Can supporters be critical of their club, players, and team selections, or should they keep their thoughts to themselves and only be allowed to express their support as unconditional love?
I love the Warriors. Like many die-hard supporters, I’ve ridden this roller coaster since the club’s inception in ‘95. And like with any sport, my loyalty has often been tested. But I’m still here. Yet if something isn’t going well in my life, I don’t just sit back in denial and just be grateful to be alive. I speak up and look for improvements – just like the Warriors have been doing themselves.
It would be fair to say that since the Warriors made the grand final in 2011, there hasn’t been much to cheer about – perhaps aside from winning their first 5 games in 2018, before they were unceremoniously bundled out in the first round of finals footy by the Panthers. Covid has inevitably impacted the growth of the game and club. And it clearly had a huge impact on the Warriors players’ well-being. If witnessing the revival of Shaun Johnson isn’t evidence enough of that, nothing will be.
But now, the fans genuinely have something to boast about – a club, coach, and team on the rise. They have emerged from the ashes of Covid with a new improved mindset, smiles on their faces, and for once supporters aren’t doing the maths on whether the Warriors can still make the top 8 – rather, the top 4.
All of this is awesome. The club isn’t perfect, but that’s what the players are striving for – the perfect game. The continuous drive for improvement. And yet, if you follow the comments sections across social media fan pages, you’ll discover any criticism is often swiftly met with disparaging disgust, instructing you to shove your opinion where the sun doesn’t shine. There’s a lot of supporters who seem to think that any criticism of Shaun Johnson’s previous years of poor form should be seen a disloyal offence, punished by banishment. That criticising selections is sacrilegious. And that it is only permissible to express positive messages of unconditional love, regardless of how well the team or players may have fared. All couch coaches should shut their mouths. If your opinion doesn’t align with theirs, then you’ve obviously never played the game so keep it to yourself.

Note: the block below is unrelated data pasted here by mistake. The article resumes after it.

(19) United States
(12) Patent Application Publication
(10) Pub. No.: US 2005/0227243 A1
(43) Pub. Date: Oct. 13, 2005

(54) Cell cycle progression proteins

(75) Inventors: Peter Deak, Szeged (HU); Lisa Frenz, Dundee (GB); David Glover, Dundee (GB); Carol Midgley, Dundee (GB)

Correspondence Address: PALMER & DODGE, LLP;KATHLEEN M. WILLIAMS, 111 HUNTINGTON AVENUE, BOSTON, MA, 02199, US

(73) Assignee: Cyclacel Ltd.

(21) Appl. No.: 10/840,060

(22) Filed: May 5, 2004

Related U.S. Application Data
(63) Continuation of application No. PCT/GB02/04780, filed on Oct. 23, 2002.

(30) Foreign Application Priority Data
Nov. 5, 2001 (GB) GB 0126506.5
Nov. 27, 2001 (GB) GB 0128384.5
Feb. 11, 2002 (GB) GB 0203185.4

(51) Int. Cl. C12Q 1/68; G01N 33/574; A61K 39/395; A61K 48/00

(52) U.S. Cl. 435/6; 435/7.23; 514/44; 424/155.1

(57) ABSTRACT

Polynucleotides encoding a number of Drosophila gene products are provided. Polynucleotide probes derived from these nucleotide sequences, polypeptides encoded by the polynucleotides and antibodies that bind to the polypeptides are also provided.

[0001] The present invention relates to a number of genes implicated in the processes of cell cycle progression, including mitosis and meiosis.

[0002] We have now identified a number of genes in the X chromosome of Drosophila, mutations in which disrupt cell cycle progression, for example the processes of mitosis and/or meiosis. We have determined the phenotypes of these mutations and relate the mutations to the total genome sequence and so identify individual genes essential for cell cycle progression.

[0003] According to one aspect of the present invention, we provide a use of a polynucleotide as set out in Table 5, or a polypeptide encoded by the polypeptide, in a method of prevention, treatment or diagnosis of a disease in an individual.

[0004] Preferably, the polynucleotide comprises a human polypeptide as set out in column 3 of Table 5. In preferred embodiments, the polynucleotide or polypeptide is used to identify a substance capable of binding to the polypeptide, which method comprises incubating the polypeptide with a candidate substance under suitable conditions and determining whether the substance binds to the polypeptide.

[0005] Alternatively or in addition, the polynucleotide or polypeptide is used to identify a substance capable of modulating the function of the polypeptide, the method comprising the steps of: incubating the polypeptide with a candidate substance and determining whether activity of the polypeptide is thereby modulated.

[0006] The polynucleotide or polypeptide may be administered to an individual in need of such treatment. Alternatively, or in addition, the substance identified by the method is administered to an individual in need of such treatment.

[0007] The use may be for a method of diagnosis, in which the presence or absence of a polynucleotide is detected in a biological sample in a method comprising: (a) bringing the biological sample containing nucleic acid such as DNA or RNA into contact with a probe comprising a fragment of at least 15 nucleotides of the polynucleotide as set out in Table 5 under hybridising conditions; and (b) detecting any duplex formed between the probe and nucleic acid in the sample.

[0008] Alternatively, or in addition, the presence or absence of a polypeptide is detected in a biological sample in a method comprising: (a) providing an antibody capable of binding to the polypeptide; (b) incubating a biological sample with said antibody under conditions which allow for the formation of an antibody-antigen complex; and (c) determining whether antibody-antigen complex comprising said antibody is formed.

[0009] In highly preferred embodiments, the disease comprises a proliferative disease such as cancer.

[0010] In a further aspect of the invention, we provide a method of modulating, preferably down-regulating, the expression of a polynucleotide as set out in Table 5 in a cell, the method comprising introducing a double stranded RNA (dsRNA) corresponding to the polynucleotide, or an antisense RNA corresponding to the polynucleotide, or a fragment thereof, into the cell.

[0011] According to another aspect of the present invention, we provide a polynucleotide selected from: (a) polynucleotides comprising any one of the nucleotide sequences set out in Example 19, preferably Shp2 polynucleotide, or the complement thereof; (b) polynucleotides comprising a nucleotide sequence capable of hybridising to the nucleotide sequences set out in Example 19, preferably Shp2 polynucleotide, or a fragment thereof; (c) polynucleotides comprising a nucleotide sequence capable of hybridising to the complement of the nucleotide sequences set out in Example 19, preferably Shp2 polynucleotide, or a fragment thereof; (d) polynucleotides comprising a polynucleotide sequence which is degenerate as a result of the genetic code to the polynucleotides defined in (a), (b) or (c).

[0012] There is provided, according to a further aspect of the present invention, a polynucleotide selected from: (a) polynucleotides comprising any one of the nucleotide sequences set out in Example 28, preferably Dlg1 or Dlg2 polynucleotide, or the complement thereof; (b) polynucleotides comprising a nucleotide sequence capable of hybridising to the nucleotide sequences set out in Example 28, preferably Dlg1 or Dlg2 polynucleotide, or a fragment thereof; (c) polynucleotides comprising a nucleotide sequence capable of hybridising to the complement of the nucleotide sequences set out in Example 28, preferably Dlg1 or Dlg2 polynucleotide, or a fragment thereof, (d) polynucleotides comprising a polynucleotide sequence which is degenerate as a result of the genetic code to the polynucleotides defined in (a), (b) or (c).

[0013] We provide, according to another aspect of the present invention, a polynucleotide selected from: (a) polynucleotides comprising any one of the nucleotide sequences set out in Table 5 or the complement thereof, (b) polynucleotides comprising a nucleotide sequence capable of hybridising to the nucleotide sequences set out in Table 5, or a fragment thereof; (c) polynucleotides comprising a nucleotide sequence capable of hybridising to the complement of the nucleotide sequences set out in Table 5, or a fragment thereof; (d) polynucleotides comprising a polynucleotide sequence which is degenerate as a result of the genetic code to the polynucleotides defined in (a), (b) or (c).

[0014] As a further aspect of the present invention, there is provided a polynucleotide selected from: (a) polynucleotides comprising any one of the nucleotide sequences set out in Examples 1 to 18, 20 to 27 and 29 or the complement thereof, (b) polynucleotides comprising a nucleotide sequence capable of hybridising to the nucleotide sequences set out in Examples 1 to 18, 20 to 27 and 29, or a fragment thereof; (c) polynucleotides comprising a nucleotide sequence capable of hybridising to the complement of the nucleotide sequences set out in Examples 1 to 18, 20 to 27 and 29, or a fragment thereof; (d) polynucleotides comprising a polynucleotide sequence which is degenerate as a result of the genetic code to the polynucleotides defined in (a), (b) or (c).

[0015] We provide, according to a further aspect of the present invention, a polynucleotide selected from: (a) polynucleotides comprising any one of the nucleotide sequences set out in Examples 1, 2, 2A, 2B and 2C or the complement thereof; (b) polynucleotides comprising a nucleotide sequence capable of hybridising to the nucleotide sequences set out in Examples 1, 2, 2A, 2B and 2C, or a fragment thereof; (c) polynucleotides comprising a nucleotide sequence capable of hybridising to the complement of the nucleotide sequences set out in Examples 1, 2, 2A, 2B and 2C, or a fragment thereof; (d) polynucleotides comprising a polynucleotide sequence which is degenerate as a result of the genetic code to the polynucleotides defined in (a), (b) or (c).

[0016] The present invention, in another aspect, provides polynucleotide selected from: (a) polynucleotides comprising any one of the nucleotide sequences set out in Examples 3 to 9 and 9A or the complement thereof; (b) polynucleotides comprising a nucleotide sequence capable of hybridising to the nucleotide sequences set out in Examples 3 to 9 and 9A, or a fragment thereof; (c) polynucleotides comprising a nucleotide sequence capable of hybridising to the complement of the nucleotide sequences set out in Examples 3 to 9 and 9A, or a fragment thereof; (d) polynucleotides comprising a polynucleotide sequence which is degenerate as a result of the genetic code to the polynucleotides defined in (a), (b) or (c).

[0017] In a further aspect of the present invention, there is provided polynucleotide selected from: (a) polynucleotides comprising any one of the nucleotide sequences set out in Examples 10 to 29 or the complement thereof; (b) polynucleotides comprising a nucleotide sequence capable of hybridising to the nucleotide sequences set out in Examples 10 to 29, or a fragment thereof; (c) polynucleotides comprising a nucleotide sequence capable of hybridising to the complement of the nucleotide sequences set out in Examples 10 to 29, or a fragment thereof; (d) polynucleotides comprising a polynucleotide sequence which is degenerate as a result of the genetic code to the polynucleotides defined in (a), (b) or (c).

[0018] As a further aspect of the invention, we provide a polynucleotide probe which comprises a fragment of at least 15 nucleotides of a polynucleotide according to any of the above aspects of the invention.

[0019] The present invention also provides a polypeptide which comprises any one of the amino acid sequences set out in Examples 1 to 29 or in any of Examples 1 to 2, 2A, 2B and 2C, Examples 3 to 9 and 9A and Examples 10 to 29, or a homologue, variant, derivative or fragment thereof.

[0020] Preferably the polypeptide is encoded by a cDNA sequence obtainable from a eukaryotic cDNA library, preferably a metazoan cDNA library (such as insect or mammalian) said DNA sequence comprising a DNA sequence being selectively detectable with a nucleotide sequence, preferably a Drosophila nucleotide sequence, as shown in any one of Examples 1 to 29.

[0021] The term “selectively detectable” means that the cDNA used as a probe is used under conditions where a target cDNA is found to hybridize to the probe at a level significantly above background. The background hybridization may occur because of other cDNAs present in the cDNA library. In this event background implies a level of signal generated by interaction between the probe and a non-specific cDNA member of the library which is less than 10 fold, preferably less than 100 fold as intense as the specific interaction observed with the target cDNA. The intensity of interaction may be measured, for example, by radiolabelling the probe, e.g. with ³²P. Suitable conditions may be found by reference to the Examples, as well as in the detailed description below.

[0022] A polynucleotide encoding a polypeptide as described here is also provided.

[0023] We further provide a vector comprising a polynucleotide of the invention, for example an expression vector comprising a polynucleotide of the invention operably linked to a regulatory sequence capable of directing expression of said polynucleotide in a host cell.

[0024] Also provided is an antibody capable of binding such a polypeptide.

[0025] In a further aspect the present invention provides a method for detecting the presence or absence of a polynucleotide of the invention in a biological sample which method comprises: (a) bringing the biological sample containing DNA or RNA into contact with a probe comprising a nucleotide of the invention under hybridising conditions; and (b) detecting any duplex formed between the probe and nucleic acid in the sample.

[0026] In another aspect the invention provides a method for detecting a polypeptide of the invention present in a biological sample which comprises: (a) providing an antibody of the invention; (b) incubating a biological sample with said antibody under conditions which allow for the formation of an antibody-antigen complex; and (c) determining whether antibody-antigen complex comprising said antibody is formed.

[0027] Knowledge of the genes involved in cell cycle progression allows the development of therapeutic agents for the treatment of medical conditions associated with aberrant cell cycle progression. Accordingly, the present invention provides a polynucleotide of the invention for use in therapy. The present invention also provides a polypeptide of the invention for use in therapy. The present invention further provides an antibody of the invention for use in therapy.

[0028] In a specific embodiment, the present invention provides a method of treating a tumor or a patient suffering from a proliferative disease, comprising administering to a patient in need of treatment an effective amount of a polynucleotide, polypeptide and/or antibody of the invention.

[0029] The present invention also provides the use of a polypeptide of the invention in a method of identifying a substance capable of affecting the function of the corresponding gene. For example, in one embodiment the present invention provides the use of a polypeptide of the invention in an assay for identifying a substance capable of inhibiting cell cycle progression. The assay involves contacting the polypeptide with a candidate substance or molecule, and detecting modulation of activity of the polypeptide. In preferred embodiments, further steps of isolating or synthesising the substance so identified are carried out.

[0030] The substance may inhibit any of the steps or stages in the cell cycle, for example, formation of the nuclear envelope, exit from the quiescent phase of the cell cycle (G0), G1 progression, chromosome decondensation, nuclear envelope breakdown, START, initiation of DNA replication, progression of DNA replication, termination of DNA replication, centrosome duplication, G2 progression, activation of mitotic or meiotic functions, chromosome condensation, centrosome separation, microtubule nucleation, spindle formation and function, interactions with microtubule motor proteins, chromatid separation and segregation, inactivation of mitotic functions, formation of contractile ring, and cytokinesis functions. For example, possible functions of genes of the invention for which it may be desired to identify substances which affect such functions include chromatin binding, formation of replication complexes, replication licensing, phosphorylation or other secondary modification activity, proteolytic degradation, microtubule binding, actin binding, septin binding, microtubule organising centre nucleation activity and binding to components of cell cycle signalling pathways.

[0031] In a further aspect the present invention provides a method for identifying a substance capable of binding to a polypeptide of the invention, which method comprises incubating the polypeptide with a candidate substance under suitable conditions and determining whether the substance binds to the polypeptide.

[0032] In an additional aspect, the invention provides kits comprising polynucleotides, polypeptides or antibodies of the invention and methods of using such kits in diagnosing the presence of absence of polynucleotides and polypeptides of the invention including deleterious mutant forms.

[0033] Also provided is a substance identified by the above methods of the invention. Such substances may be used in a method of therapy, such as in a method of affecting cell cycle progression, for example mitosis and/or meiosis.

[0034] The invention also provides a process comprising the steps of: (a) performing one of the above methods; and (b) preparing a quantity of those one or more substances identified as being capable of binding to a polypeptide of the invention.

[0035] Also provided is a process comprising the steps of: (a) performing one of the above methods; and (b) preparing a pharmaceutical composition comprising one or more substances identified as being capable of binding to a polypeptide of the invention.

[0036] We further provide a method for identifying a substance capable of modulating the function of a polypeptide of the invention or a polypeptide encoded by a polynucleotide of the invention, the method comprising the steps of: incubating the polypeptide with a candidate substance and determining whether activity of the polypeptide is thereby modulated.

All of which is a stark contrast to the new mindset and culture the club has implemented themselves. The issue here is many are taking constructive criticism as hate speech toward the club or players. They see it as being disloyal, whereas others see it as a continuous striving for perfection. I’d encourage all fans to take a lead from the club’s new culture and embrace the criticisms. If you’re so inclined, argue against them. But dismissing them because they don’t align with your own views is what cowards and narcissists are made of. Of course, you can always just scroll on by.